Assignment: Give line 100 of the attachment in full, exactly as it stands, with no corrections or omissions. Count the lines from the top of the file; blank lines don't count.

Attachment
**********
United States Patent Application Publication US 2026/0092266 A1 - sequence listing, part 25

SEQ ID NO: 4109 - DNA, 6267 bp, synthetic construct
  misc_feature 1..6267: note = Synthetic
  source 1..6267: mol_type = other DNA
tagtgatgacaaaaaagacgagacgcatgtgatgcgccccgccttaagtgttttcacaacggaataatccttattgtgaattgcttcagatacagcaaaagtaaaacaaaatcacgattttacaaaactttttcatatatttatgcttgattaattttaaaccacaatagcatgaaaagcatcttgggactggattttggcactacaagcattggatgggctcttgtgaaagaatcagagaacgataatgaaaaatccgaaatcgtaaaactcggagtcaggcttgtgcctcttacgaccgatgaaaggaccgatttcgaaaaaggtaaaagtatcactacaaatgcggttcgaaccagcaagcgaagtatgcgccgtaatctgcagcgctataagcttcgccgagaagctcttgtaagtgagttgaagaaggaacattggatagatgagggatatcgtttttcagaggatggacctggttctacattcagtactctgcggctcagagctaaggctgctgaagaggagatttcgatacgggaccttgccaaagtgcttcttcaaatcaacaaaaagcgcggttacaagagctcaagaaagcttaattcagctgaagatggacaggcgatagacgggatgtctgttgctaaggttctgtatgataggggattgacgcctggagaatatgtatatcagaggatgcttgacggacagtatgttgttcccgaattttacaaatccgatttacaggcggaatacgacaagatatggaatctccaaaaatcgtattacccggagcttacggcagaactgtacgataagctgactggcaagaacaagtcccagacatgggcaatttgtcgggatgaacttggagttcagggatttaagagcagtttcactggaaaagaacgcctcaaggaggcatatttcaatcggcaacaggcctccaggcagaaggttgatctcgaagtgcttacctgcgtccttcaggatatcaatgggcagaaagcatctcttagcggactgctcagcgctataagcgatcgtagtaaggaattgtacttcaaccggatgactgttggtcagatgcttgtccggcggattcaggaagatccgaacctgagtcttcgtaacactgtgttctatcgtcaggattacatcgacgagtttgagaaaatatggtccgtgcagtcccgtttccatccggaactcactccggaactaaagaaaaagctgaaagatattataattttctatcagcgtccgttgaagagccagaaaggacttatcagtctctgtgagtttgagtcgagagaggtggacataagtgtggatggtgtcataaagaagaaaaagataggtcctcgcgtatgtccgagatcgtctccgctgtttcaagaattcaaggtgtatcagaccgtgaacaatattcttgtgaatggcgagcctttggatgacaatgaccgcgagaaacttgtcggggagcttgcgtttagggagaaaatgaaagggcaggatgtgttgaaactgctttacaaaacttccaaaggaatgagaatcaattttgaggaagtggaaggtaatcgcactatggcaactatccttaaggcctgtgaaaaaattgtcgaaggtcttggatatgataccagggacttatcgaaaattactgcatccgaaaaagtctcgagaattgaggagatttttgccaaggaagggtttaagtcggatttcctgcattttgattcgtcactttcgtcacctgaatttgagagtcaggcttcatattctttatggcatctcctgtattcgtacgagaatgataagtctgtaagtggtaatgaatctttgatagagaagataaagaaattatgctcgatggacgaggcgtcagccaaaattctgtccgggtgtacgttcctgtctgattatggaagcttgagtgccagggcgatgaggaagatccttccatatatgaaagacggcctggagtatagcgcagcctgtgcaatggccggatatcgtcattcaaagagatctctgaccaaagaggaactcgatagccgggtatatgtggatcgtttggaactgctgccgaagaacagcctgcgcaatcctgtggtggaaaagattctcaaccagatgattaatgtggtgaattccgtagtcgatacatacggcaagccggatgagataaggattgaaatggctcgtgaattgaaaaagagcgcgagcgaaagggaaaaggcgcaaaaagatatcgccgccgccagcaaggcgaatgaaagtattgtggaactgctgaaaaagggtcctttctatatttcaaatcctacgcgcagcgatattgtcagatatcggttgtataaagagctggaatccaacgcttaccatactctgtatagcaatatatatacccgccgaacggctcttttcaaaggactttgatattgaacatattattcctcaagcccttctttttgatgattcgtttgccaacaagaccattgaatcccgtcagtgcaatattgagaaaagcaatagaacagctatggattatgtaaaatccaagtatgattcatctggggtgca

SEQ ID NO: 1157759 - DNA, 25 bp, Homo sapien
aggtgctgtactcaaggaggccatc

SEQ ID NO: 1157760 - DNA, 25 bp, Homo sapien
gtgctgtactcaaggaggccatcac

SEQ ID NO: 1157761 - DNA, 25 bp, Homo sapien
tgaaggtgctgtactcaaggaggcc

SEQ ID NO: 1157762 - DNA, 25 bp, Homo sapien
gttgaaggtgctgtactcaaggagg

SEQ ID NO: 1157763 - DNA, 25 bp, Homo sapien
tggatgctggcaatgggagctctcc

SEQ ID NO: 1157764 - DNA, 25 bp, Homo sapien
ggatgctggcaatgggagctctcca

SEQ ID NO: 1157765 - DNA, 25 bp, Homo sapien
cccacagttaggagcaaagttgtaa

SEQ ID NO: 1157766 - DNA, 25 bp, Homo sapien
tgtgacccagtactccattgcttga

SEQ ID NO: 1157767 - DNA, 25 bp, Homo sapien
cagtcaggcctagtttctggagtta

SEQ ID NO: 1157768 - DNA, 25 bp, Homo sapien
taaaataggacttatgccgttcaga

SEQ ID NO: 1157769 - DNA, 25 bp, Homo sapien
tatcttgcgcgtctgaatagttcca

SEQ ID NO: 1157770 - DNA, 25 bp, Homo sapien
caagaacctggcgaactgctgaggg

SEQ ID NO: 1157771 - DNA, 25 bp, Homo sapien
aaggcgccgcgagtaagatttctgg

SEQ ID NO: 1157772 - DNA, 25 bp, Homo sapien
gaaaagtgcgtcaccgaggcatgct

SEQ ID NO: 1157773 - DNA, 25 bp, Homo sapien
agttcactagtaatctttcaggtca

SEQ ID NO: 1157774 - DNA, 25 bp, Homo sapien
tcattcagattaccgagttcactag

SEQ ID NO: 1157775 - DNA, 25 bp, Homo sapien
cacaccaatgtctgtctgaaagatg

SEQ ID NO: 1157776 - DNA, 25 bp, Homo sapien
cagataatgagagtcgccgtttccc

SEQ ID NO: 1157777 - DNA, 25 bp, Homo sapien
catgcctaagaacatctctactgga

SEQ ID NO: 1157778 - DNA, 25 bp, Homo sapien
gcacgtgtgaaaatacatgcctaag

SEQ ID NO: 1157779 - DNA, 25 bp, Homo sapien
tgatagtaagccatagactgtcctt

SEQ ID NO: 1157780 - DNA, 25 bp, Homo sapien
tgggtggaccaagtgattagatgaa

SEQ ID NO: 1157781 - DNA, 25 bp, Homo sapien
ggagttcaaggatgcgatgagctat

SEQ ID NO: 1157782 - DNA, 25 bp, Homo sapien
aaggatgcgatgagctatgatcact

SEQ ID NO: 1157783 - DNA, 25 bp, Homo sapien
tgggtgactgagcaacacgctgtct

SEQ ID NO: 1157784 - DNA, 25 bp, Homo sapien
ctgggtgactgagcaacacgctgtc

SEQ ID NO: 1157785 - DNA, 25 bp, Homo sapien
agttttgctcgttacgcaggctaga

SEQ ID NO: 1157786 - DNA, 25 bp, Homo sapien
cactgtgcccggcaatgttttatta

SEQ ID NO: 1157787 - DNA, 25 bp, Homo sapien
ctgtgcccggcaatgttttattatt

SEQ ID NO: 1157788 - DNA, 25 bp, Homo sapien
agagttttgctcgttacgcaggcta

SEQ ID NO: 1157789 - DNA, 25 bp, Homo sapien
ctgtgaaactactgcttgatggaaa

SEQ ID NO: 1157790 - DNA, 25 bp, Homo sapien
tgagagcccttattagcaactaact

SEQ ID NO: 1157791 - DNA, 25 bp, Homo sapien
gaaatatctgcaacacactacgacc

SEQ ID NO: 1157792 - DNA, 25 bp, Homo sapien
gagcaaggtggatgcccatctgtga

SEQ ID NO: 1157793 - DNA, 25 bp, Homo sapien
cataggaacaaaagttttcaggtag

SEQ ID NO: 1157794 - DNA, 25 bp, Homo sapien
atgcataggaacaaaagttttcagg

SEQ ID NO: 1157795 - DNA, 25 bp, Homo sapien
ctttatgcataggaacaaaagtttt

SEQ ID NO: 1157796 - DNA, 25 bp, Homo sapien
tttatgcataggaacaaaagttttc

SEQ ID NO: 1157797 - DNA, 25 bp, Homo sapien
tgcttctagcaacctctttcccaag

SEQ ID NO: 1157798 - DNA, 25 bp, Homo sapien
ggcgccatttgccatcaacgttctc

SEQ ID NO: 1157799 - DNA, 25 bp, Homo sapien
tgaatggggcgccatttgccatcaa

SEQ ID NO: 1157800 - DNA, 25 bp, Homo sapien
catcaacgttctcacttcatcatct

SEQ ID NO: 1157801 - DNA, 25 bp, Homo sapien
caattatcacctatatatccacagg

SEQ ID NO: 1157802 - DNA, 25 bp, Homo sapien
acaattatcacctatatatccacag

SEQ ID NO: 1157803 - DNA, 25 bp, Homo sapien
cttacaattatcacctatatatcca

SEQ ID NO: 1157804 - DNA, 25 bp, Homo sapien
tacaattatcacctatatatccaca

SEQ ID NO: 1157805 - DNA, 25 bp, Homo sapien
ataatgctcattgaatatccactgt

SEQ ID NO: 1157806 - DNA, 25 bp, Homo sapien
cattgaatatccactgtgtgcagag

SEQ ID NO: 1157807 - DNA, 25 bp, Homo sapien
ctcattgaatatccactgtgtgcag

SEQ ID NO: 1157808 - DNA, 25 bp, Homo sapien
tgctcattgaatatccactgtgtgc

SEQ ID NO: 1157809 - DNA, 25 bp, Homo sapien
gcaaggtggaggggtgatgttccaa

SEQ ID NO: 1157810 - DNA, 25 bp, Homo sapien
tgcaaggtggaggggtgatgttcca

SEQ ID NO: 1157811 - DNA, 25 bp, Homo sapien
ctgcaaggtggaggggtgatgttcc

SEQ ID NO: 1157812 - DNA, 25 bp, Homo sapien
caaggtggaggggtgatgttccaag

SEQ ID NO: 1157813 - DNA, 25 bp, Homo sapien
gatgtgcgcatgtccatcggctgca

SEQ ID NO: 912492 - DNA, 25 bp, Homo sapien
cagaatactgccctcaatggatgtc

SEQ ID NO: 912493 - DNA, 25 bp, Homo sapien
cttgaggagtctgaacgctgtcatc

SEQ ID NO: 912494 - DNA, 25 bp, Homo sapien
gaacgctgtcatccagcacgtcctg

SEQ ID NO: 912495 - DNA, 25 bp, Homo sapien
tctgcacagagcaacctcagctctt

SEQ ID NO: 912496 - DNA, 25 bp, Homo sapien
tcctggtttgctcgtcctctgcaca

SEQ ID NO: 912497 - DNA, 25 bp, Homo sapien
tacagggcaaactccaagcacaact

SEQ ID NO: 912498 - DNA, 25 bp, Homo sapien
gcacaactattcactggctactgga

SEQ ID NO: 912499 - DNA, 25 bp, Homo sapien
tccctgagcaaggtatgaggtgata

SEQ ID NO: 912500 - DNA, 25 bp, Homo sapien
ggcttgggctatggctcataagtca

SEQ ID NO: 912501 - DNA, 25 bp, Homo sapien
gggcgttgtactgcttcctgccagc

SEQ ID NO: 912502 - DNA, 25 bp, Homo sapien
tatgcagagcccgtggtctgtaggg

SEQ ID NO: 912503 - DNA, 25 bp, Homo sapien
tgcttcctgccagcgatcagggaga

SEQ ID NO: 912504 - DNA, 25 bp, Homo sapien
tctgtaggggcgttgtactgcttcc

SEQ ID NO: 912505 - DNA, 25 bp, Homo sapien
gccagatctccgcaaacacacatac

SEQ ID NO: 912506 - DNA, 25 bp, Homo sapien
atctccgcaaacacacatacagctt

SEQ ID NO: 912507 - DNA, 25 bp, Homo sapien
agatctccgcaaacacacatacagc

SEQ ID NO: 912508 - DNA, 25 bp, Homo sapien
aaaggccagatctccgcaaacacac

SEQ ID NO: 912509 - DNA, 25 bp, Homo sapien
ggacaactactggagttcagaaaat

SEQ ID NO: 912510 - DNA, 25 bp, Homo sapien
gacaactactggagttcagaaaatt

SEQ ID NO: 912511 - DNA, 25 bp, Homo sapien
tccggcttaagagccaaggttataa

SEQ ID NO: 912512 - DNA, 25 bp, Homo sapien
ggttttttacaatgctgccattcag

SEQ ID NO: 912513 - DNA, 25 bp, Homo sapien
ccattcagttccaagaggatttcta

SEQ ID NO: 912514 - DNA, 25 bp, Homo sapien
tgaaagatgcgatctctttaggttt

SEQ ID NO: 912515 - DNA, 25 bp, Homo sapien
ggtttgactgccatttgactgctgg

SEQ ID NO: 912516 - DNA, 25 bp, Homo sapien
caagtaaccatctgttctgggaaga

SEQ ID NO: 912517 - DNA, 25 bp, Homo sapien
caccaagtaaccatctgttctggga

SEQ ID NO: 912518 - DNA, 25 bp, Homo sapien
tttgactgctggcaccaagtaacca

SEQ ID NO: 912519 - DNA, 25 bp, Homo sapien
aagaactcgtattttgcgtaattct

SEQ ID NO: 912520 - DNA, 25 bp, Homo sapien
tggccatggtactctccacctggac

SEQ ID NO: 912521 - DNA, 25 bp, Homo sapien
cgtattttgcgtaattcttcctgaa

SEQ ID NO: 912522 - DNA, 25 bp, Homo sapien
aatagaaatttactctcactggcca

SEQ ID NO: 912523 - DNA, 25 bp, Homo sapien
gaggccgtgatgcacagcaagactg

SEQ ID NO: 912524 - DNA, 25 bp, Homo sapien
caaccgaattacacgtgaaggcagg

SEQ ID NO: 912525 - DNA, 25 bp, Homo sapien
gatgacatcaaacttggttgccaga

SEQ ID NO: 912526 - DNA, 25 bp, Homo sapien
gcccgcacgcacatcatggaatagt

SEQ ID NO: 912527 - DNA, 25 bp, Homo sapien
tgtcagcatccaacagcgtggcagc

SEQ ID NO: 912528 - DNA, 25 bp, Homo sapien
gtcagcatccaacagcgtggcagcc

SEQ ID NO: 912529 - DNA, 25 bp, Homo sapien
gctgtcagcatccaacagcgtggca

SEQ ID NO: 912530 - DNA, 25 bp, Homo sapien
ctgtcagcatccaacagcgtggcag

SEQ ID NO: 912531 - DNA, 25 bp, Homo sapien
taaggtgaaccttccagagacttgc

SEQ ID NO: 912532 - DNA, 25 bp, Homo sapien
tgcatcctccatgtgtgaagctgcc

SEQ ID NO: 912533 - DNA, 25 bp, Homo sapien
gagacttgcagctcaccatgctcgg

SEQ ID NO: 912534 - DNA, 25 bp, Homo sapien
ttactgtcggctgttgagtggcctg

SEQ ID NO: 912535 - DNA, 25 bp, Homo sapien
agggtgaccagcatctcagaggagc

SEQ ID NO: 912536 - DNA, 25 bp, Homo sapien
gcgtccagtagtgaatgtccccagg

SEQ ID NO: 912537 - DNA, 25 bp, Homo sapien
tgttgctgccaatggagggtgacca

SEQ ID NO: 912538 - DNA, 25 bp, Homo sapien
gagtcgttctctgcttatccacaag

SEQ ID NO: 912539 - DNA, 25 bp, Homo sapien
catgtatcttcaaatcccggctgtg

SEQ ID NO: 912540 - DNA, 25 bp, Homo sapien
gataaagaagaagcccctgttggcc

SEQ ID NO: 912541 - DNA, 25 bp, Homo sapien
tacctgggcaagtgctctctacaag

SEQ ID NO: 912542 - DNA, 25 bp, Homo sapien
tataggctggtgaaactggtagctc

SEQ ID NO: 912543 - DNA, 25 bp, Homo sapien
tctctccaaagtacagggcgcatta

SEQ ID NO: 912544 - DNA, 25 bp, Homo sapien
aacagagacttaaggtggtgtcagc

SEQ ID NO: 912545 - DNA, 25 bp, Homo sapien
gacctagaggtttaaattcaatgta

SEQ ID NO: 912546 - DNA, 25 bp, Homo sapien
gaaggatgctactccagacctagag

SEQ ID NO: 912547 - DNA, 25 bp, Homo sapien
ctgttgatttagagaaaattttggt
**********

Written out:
SEQ ID NO: 1157806 - DNA, 25 bp, Homo sapien